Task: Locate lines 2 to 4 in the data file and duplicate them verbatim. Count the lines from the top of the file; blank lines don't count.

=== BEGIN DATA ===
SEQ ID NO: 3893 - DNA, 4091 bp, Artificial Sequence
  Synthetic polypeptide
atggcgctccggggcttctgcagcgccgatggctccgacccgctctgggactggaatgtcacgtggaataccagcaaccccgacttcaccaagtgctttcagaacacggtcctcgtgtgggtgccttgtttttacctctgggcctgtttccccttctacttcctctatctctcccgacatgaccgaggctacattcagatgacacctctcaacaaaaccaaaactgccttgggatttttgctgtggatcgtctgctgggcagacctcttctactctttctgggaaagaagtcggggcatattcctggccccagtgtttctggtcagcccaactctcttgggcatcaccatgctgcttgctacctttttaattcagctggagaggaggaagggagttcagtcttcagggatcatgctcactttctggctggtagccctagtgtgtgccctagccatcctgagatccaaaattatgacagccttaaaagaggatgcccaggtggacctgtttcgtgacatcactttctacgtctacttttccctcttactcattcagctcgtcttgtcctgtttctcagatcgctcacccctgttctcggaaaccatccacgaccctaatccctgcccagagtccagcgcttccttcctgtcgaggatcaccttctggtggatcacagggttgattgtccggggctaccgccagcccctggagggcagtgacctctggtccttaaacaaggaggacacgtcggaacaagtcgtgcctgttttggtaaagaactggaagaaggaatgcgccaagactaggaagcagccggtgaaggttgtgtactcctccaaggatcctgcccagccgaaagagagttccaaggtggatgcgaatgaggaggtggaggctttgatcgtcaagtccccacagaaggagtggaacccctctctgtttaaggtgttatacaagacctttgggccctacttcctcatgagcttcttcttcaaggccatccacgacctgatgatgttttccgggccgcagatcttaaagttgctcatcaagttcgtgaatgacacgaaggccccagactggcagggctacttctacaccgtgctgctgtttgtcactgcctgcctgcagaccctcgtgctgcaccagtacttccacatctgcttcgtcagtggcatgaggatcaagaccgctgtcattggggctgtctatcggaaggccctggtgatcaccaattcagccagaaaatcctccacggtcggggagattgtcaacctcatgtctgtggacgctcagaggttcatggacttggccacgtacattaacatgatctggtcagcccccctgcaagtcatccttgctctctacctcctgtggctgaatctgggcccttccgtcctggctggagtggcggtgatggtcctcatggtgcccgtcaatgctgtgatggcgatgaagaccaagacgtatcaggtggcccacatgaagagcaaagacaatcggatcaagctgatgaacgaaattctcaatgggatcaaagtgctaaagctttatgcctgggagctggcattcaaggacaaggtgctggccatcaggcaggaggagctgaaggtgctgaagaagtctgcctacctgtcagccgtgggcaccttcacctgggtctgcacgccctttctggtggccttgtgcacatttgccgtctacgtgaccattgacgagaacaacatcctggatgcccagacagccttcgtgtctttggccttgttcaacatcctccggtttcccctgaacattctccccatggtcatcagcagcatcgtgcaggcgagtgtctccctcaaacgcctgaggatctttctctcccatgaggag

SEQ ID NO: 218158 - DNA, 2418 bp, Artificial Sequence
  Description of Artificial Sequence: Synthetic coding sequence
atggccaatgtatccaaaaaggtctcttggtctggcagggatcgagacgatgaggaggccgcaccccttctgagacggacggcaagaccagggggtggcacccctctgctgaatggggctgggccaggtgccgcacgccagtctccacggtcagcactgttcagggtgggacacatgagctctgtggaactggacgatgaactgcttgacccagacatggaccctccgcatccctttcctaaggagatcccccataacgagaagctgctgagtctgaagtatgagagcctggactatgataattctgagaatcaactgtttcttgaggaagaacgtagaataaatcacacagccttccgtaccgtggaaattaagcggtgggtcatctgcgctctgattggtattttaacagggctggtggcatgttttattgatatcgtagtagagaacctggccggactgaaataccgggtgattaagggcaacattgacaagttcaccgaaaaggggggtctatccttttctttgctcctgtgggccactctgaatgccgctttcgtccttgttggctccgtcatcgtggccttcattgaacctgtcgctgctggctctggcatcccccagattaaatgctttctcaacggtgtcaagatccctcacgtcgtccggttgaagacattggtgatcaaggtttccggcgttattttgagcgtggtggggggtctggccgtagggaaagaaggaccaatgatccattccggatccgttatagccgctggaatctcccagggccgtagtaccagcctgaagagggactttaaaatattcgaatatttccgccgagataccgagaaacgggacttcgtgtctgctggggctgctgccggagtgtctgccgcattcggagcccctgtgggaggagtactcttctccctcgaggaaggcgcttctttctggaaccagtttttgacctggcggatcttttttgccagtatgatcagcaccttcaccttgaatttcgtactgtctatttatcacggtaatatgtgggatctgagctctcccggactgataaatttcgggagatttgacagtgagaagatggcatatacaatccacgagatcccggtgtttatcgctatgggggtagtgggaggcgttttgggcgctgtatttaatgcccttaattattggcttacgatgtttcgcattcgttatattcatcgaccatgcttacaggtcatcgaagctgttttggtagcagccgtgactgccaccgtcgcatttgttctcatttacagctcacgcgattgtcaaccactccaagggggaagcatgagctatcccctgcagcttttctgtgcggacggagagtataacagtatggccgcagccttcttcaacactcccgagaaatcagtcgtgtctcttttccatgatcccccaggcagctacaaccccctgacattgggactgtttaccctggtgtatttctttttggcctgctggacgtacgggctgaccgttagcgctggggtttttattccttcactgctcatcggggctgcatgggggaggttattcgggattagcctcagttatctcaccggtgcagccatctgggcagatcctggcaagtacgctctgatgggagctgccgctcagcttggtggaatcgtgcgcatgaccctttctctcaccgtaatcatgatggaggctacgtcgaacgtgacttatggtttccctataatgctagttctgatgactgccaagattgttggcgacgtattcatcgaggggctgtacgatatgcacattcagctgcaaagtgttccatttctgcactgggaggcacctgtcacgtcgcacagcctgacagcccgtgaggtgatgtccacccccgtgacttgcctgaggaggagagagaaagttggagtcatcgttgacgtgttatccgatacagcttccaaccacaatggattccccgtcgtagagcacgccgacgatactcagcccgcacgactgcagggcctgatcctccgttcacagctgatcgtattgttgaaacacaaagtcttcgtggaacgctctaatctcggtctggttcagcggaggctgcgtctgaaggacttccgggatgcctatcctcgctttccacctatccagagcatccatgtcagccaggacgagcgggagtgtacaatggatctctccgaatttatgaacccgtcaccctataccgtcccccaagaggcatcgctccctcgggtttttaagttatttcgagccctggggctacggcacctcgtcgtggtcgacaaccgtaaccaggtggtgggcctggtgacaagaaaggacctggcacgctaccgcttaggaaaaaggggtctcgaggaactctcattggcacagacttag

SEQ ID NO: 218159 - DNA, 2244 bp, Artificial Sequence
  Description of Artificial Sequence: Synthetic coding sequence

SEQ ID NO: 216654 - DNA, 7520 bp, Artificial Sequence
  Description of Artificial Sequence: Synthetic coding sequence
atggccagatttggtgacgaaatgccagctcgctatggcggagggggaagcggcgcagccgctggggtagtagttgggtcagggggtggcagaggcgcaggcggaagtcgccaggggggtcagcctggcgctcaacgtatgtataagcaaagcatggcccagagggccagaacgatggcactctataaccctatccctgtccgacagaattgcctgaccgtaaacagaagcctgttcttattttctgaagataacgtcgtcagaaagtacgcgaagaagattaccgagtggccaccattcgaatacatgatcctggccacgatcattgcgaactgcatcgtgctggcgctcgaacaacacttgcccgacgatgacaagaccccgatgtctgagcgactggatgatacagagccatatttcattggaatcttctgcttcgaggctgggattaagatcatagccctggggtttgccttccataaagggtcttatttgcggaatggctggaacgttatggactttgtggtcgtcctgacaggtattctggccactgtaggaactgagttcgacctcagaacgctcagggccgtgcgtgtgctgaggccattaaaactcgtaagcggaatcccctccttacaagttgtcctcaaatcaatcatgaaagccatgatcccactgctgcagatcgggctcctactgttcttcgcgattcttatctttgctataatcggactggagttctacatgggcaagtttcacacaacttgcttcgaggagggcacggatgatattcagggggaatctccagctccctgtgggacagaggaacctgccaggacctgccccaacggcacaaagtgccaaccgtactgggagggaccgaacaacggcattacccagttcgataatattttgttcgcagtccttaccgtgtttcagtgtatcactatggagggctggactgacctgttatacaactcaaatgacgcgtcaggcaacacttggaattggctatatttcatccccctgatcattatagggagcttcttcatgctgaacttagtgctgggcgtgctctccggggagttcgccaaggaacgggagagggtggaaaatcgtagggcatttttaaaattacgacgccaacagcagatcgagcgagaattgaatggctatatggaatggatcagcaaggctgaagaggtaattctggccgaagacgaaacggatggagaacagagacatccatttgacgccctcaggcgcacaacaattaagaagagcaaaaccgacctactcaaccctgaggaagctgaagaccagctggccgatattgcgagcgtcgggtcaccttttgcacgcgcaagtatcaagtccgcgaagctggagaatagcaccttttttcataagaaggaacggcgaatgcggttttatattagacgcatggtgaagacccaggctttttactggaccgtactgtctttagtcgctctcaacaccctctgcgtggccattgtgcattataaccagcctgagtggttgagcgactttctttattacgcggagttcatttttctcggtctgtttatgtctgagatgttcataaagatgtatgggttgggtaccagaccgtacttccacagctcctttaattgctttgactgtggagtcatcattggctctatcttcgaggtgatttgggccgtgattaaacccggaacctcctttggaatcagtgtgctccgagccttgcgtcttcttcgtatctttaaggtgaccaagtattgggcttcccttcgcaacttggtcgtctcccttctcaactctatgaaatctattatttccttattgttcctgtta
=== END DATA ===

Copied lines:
  Synthetic polypeptide
atggcgctccggggcttctgcagcgccgatggctccgacccgctctgggactggaatgtcacgtggaataccagcaaccccgacttcaccaagtgctttcagaacacggtcctcgtgtgggtgccttgtttttacctctgggcctgtttccccttctacttcctctatctctcccgacatgaccgaggctacattcagatgacacctctcaacaaaaccaaaactgccttgggatttttgctgtggatcgtctgctgggcagacctcttctactctttctgggaaagaagtcggggcatattcctggccccagtgtttctggtcagcccaactctcttgggcatcaccatgctgcttgctacctttttaattcagctggagaggaggaagggagttcagtcttcagggatcatgctcactttctggctggtagccctagtgtgtgccctagccatcctgagatccaaaattatgacagccttaaaagaggatgcccaggtggacctgtttcgtgacatcactttctacgtctacttttccctcttactcattcagctcgtcttgtcctgtttctcagatcgctcacccctgttctcggaaaccatccacgaccctaatccctgcccagagtccagcgcttccttcctgtcgaggatcaccttctggtggatcacagggttgattgtccggggctaccgccagcccctggagggcagtgacctctggtccttaaacaaggaggacacgtcggaacaagtcgtgcctgttttggtaaagaactggaagaaggaatgcgccaagactaggaagcagccggtgaaggttgtgtactcctccaaggatcctgcccagccgaaagagagttccaaggtggatgcgaatgaggaggtggaggctttgatcgtcaagtccccacagaaggagtggaacccctctctgtttaaggtgttatacaagacctttgggccctacttcctcatgagcttcttcttcaaggccatccacgacctgatgatgttttccgggccgcagatcttaaagttgctcatcaagttcgtgaatgacacgaaggccccagactggcagggctacttctacaccgtgctgctgtttgtcactgcctgcctgcagaccctcgtgctgcaccagtacttccacatctgcttcgtcagtggcatgaggatcaagaccgctgtcattggggctgtctatcggaaggccctggtgatcaccaattcagccagaaaatcctccacggtcggggagattgtcaacctcatgtctgtggacgctcagaggttcatggacttggccacgtacattaacatgatctggtcagcccccctgcaagtcatccttgctctctacctcctgtggctgaatctgggcccttccgtcctggctggagtggcggtgatggtcctcatggtgcccgtcaatgctgtgatggcgatgaagaccaagacgtatcaggtggcccacatgaagagcaaagacaatcggatcaagctgatgaacgaaattctcaatgggatcaaagtgctaaagctttatgcctgggagctggcattcaaggacaaggtgctggccatcaggcaggaggagctgaaggtgctgaagaagtctgcctacctgtcagccgtgggcaccttcacctgggtctgcacgccctttctggtggccttgtgcacatttgccgtctacgtgaccattgacgagaacaacatcctggatgcccagacagccttcgtgtctttggccttgttcaacatcctccggtttcccctgaacattctccccatggtcatcagcagcatcgtgcaggcgagtgtctccctcaaacgcctgaggatctttctctcccatgaggag

SEQ ID NO: 218158 - DNA, 2418 bp, Artificial Sequence